How to Lift Heavier Weights without Increasing the Weight

It is critical to progress with your training, and one of the most common methods is to increase the weight we lift. However, we frequently reach a training plateau where we feel we cannot physically go any heavier but still want to progress. There may also be limitations in the kit available, or we may simply not want to go heavier at this time. There are numerous ways to increase the intensity and difficulty while making progress without increasing the weight. Here are a couple of examples.


A superset is two exercises of the same muscle group performed back to back with as little rest as possible in between. For instance, a dumbbell or barbell bench press can be converted into bodyweight press ups. Two different movements that use the same muscle groups, which will fatigue them much faster than if they were done separately.

You could isolate a muscle group before the main movement with your supersets, for example, do some tricep overhead extensions before your bench press to make the bench press target the triceps more.

Isometric hold

Including an isometric hold (pause) in an exercise increases muscle tension without moving the surrounding joints. This can help with physical endurance as well as muscle strengthening and stabilization. Holding your muscles under tension for a longer period of time, such as a few seconds at the bottom of a squat, will make the exercise much more difficult.

Sets of drops

Performing the same exercise twice, but with a lighter weight on the second set. For instance, do 8 reps of bicep curls at 10kg, then immediately drop to 8 kg and do another 8 reps.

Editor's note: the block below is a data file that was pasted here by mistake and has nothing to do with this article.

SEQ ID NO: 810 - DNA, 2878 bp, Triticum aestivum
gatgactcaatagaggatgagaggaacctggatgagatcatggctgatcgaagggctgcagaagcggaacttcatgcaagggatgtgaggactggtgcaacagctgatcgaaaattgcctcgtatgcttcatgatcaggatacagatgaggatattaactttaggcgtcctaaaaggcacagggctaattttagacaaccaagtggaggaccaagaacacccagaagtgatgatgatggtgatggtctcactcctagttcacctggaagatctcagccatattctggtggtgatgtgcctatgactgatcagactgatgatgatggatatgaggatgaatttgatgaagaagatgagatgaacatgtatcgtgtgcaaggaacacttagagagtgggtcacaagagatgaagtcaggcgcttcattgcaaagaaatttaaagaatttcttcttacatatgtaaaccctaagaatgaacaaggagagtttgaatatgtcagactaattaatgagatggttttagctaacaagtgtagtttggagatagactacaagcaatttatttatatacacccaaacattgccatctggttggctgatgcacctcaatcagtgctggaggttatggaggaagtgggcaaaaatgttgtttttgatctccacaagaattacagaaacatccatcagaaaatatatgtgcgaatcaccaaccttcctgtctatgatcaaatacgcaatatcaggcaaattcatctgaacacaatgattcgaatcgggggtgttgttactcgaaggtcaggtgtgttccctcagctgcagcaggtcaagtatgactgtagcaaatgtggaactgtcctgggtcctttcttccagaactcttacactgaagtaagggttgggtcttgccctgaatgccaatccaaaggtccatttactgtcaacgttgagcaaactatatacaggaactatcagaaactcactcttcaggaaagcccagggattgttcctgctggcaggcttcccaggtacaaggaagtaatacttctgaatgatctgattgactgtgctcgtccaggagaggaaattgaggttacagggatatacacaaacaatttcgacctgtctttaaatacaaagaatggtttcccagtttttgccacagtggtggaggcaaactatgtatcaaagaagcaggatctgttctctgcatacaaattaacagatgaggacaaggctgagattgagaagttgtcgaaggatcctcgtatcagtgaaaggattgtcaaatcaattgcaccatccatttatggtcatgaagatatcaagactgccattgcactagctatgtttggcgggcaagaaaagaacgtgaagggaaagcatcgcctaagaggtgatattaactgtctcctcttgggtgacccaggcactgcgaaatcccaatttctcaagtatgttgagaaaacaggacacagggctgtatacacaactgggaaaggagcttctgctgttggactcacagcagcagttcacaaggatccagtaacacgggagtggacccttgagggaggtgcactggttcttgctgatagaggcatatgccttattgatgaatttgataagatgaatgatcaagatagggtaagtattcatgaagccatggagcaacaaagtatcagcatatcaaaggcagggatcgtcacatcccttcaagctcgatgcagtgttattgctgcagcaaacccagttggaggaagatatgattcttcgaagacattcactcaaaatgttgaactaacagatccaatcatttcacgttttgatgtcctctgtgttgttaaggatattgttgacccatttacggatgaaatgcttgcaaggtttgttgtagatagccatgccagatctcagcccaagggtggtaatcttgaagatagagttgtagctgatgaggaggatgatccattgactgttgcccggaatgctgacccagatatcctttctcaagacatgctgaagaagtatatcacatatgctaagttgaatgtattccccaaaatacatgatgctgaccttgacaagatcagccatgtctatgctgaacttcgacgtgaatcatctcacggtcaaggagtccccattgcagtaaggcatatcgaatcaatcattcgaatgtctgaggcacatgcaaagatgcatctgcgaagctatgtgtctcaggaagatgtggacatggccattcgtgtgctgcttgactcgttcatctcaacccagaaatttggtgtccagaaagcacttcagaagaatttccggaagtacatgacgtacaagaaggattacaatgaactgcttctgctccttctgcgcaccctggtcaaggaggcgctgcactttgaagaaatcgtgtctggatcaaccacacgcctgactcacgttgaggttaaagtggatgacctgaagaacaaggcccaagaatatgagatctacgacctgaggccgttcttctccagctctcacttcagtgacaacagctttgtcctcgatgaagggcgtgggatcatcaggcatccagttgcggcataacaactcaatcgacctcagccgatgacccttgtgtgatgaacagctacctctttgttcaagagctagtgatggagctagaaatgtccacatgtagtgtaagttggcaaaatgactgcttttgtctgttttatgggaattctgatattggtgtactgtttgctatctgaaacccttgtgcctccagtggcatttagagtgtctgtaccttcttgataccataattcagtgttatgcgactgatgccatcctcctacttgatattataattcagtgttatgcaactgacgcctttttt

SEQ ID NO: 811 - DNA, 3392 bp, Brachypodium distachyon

Similar to a superset, but instead of just two exercises, do three back to back, making sure they all target the same muscle group.

Reduce your rest period

It is very common to become distracted during your rest period, which can last much longer than you realize. The most important thing is to rest for the same amount of time between each set; having a longer rest between one set means your muscles have had more time to recover. Another way to make your workouts more difficult is to limit your rest time, which means less time for muscles to recover, making the sets more difficult. Set a timer, time your first set, then double that time for rest, and make sure you rest for that amount of time for the rest of the sets.

Movements that are eccentric

Eccentric movement refers to moving as slowly and deliberately as possible during the contraction phase of a movement. For example, as you lower the bar to your chest during a bench press or squat. As a result, the muscle is lengthened while contracting, which means it maintains more tension than it could in a static movement.

These are all excellent ways to make progress without gaining weight. Remember that in order to progress in your training, you must gradually increase the difficulty of your sessions. It makes no difference which method you use; as long as you focus on progressive overload, you will make progress. Stay motivated and you’ll hit that new PR in no time!